Volume 37, Number 5, May 2000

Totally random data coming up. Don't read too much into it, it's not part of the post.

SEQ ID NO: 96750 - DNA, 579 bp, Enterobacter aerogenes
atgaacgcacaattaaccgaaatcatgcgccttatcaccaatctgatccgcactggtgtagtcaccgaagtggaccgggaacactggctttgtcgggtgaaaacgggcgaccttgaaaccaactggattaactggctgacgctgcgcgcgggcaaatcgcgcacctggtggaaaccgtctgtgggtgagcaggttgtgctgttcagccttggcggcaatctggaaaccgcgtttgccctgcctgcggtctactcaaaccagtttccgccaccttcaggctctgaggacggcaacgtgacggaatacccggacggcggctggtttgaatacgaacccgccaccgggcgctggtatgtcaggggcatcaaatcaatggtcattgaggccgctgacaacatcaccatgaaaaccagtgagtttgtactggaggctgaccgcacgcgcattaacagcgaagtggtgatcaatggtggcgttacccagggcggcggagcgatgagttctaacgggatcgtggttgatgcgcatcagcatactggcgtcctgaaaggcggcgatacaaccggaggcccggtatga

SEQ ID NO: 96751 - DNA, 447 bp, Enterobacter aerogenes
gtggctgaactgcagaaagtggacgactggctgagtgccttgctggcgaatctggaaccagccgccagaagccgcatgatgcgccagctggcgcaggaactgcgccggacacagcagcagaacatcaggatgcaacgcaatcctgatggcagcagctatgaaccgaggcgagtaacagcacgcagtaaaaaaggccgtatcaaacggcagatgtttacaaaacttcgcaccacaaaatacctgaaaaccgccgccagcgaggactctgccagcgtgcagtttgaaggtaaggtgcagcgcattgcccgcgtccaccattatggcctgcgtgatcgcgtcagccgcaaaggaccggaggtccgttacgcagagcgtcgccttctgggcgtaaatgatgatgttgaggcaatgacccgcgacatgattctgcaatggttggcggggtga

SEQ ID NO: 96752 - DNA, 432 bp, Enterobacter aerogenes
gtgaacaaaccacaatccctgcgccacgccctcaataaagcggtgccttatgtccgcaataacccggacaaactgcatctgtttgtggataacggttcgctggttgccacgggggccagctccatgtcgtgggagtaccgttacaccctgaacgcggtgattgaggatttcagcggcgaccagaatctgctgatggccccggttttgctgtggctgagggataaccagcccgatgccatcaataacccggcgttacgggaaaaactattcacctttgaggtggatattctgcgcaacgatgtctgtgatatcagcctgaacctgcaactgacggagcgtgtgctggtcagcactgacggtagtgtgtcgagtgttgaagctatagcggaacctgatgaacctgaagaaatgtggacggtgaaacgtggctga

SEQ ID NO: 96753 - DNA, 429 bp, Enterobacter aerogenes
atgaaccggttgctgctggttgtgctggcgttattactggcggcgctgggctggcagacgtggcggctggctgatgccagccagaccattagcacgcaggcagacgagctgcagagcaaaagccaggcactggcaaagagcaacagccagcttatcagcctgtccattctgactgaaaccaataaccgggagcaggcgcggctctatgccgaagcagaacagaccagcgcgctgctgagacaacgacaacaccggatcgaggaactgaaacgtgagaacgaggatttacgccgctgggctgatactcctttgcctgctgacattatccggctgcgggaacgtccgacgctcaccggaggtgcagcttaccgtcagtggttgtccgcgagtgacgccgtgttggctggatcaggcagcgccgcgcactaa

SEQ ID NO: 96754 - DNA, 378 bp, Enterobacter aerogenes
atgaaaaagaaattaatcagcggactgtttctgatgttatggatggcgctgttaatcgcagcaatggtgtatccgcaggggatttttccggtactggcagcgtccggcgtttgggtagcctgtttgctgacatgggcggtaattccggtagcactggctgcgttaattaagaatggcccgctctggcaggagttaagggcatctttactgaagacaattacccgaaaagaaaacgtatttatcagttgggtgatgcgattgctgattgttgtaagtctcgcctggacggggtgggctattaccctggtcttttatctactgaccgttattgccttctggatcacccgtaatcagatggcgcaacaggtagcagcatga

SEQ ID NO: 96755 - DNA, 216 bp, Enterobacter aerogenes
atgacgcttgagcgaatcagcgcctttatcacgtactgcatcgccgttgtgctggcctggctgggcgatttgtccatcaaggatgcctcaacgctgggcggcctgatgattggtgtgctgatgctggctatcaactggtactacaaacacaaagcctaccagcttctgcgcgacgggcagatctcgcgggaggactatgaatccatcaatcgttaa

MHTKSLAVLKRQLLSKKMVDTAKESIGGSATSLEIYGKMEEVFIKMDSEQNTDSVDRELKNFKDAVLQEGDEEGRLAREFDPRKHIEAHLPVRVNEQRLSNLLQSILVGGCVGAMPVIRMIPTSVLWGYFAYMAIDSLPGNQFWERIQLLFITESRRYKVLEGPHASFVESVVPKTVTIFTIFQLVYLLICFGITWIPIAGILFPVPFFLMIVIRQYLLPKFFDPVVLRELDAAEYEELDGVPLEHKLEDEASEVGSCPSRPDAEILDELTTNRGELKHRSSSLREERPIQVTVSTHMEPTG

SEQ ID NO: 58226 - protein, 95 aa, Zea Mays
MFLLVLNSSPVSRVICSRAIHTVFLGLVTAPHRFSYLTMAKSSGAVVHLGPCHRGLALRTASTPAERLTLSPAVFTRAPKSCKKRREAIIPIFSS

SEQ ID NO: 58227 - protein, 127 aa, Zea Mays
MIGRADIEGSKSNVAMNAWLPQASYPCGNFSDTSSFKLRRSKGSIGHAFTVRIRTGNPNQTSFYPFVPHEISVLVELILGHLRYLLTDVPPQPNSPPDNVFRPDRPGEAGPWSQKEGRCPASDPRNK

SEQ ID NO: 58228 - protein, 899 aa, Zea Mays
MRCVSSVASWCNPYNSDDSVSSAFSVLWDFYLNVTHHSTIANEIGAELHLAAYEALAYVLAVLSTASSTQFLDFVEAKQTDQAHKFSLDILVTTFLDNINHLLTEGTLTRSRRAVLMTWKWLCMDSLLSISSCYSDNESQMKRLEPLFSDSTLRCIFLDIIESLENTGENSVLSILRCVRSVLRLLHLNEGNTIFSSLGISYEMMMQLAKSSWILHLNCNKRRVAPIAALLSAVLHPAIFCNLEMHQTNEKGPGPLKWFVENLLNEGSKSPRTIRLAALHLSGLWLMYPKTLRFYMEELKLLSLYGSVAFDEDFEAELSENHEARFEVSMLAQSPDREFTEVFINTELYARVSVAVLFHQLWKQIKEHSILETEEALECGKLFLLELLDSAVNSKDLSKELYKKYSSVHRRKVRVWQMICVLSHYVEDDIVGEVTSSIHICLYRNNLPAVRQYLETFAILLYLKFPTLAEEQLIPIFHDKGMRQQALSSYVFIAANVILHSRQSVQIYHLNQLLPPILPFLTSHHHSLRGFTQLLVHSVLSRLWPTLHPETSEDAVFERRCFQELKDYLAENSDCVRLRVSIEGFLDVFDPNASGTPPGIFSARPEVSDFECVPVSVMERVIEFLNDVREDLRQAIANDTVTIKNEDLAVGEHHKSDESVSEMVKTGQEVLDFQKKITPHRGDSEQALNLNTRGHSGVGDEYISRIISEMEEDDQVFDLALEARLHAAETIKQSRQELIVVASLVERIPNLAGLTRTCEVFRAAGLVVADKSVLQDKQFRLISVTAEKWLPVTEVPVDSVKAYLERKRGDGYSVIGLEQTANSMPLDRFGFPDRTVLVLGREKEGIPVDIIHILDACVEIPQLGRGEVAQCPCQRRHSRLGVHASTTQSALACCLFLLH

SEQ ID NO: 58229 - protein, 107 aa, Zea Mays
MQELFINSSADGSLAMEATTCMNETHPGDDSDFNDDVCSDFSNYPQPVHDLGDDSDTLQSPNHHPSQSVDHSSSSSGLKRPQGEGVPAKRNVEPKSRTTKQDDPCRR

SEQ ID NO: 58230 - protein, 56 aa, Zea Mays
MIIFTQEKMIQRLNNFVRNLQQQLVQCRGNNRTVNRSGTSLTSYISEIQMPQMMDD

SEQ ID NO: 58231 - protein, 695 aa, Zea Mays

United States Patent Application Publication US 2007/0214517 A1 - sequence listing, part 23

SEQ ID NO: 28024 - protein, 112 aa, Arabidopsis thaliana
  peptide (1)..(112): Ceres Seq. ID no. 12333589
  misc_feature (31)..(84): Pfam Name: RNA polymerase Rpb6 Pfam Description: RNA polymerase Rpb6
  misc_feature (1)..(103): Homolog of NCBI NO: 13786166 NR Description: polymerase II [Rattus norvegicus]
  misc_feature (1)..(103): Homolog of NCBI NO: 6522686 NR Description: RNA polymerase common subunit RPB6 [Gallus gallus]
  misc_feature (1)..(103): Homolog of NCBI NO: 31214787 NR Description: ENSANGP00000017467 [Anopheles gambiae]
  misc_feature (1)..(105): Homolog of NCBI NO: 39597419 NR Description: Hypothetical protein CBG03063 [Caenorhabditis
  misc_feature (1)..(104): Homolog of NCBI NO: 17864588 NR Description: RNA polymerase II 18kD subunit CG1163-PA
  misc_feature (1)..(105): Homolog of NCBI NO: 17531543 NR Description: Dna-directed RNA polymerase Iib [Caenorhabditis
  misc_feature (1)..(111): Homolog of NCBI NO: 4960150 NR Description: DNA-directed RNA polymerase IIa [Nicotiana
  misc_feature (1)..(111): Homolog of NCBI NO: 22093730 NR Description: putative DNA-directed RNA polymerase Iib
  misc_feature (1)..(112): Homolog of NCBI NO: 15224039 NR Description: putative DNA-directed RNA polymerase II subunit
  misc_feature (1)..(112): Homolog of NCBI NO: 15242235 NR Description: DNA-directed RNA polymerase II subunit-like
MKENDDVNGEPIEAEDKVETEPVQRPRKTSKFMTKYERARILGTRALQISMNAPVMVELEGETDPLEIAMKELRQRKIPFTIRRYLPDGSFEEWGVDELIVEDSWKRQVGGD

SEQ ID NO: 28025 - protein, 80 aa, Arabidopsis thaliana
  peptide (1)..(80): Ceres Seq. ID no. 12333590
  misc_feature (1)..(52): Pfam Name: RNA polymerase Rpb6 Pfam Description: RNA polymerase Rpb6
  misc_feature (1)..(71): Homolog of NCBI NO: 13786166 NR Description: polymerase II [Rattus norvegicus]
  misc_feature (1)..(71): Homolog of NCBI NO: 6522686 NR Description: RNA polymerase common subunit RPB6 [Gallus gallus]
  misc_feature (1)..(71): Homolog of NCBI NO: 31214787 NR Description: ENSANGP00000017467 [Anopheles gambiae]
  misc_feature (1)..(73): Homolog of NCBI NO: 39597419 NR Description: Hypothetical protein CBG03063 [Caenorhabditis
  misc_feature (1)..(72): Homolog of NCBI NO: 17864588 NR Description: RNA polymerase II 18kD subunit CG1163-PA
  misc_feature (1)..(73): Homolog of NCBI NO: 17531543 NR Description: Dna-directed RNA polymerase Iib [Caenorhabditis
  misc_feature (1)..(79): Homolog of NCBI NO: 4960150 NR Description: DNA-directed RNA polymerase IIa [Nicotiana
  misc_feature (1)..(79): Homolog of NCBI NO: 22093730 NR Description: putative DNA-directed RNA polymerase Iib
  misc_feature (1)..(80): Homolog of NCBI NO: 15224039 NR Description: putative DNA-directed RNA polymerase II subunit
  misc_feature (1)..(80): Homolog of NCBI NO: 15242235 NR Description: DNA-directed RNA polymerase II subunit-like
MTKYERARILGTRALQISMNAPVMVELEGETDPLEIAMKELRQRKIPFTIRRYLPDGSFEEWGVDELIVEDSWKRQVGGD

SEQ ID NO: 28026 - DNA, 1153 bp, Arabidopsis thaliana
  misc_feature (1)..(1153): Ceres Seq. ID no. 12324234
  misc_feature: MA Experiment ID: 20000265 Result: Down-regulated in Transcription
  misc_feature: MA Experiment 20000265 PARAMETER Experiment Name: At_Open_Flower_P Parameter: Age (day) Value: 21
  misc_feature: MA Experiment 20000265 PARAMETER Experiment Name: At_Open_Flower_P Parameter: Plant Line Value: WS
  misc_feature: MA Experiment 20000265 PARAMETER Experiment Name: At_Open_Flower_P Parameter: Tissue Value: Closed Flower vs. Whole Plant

THERE are many reasons why people collect coins; some have inherited collections, others brought back foreign coins from holiday, still others saw coins as investment and grew to love them as collectables, but in the last decade one thing has, arguably, helped bring more collectors into the hobby than anything else - the metal detector. Of course it is by no means true that every collector has a metal detector nor that every detectorist is interested in coins but it cannot be denied that the two hobbies do often seem to go hand in hand. In the past there has been friction between the two camps with a very small minority of detector users seemingly determined to ruin it for everyone else by damaging and plundering known archaeological sites and this often led to the purist numismatist shunning detectorists en masse, indeed it wasn't so long ago that museums and the mainstream coin dealers wouldn't consider taking in "finds" at all, such was the reputation metal detecting had. Thankfully those days are behind us and the "treasure hunters" are now not only welcomed but often actively encouraged as it has been recognised that metal detecting has not only brought collectors into the hobby but vast quantities of coins as well. Treasure hunting of course is not new, with tales of hidden hoards as old as the hills, and for decades archaeologists on land and sea have searched for the lost treasures of the past. However, only in recent years, through advances in modern technology, has that search been accessible to everyone and that in turn has helped our hobby immeasurably. Indeed many coin dealers' stands at the popular shows are now filled with items only days before "lost forever" and many a collector has been able to enhance his collection with pieces he could only have dreamed of owning a few years ago. Inevitably certain areas have benefited more than others, with the collecting of Celtic in particular enjoying a new renaissance thanks to the "amateur archaeologists" and whilst milled coins are frequently found it is with the new stocks of ancient coins coming into the market that the true advantages of the detector are seen. There are drawbacks of course, especially if you collect high grade pieces (centuries underground isn't necessarily conducive to keeping a coin in EF condition) but whatever your collecting interest (unless it's banknotes of course) there is no denying the impact the metal detector has had on our hobby. Sadly there will always be the dishonest element eager to make a fast buck but the vast majority of this new breed of collector are as keen as every other numismatist to see our hobby flourish and they, working within the new laws introduced recently to safeguard not only landowners and the treasure found but detectorists too, should help see stocks of coins, and people interested in them, remain high well into the future. Many of our readers will be familiar with the benefits of the metal detector and are treasure hunters already but for those who are not we have included in this issue a brief guide to getting started, and through the generosity of Viking, one of the leaders in the field (if you will forgive the pun), we give you the chance to win a detector of your very own - who knows what you may find. John Mussell .
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